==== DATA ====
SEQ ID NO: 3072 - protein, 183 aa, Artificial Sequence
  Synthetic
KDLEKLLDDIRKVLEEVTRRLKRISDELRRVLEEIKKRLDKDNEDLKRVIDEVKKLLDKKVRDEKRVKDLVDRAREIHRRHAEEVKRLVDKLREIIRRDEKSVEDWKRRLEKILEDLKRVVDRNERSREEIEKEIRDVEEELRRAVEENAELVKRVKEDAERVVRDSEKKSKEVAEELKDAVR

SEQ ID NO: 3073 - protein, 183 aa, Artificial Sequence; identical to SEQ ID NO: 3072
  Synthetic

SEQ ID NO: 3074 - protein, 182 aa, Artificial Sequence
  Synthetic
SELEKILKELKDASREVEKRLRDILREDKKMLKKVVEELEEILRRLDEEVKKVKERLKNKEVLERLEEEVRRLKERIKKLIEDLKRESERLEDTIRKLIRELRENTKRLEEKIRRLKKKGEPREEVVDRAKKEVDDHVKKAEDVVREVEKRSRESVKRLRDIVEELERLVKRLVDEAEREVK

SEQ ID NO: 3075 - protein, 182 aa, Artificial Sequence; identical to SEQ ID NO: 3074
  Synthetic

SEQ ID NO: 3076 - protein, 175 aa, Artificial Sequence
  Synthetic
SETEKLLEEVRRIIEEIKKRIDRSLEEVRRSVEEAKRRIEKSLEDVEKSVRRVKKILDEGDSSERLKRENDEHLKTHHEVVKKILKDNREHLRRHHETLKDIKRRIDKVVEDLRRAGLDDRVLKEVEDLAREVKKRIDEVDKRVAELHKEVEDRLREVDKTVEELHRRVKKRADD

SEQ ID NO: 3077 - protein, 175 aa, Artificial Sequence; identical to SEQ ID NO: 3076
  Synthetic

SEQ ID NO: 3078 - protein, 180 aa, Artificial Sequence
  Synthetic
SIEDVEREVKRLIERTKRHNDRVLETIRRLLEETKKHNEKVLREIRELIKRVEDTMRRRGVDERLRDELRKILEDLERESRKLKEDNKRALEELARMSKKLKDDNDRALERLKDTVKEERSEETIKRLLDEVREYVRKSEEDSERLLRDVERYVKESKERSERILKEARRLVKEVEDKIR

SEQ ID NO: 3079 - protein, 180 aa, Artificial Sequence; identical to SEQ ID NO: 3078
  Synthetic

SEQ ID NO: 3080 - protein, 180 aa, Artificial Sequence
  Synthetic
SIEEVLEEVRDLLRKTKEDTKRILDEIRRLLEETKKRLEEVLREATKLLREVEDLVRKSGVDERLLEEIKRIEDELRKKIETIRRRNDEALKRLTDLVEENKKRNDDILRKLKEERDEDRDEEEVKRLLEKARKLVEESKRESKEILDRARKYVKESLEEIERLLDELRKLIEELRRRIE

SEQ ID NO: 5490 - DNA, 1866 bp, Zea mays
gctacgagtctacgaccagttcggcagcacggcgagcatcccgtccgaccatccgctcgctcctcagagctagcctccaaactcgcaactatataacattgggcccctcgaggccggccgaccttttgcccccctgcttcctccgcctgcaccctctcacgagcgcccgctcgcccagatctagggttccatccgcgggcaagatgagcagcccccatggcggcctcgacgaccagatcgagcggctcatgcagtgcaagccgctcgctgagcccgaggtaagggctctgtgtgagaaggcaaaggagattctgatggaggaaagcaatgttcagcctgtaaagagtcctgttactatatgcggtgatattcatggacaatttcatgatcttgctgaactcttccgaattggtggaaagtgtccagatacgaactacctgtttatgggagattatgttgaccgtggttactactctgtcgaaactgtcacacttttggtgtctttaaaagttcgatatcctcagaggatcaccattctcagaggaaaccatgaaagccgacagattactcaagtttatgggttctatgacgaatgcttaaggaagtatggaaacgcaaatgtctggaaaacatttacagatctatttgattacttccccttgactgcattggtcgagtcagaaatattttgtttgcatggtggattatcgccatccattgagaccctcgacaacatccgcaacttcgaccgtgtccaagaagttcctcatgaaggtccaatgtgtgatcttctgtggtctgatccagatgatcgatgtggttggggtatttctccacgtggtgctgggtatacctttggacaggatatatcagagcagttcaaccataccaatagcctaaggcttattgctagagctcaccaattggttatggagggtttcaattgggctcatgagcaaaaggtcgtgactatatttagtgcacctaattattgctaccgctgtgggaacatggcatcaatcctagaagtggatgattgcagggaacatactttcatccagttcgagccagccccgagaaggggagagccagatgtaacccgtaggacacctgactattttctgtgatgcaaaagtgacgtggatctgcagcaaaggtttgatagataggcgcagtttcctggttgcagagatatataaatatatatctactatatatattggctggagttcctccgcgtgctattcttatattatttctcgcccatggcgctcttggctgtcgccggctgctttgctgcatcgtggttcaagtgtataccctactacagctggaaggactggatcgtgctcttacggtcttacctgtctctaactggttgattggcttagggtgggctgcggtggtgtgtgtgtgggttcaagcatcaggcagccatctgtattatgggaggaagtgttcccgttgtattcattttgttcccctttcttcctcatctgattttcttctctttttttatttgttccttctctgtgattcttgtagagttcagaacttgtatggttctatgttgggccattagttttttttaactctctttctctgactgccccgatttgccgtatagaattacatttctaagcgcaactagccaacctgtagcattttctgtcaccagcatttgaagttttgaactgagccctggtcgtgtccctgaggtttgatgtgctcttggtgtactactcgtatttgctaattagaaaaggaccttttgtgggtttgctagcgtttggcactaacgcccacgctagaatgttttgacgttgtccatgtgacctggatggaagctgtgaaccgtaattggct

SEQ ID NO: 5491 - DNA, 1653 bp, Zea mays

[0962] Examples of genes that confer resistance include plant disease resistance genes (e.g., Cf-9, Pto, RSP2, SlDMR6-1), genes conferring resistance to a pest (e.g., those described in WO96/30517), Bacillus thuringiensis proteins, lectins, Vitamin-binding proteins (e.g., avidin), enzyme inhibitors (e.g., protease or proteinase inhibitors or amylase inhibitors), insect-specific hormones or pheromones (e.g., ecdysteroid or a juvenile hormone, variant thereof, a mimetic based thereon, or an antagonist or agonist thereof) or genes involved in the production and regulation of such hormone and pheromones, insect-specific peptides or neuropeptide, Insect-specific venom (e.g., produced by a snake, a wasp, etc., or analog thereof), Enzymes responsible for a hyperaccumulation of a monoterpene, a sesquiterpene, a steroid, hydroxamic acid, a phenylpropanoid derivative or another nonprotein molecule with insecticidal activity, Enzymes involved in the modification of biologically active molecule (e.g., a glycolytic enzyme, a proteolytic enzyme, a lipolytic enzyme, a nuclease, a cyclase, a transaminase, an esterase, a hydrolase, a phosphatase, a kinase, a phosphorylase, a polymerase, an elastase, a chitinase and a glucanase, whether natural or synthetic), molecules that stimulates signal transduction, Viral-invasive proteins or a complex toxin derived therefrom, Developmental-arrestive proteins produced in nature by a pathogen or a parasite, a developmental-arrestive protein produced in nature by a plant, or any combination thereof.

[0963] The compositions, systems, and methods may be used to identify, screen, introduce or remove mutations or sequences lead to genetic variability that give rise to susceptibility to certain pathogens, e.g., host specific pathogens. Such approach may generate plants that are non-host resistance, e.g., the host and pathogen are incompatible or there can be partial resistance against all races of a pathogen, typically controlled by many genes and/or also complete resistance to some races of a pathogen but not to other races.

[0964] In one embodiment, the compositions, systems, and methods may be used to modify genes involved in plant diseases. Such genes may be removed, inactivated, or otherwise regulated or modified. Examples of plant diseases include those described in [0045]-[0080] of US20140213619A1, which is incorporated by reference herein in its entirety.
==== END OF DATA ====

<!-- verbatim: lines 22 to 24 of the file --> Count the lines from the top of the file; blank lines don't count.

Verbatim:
  Synthetic
SIEEVLEEVRDLLRKTKEDTKRILDEIRRLLEETKKRLEEVLREATKLLREVEDLVRKSGVDERLLEEIKRIEDELRKKIETIRRRNDEALKRLTDLVEENKKRNDDILRKLKEERDEDRDEEEVKRLLEKARKLVEESKRESKEILDRARKYVKESLEEIERLLDELRKLIEELRRRIE

SEQ ID NO: 5490 - DNA, 1866 bp, Zea mays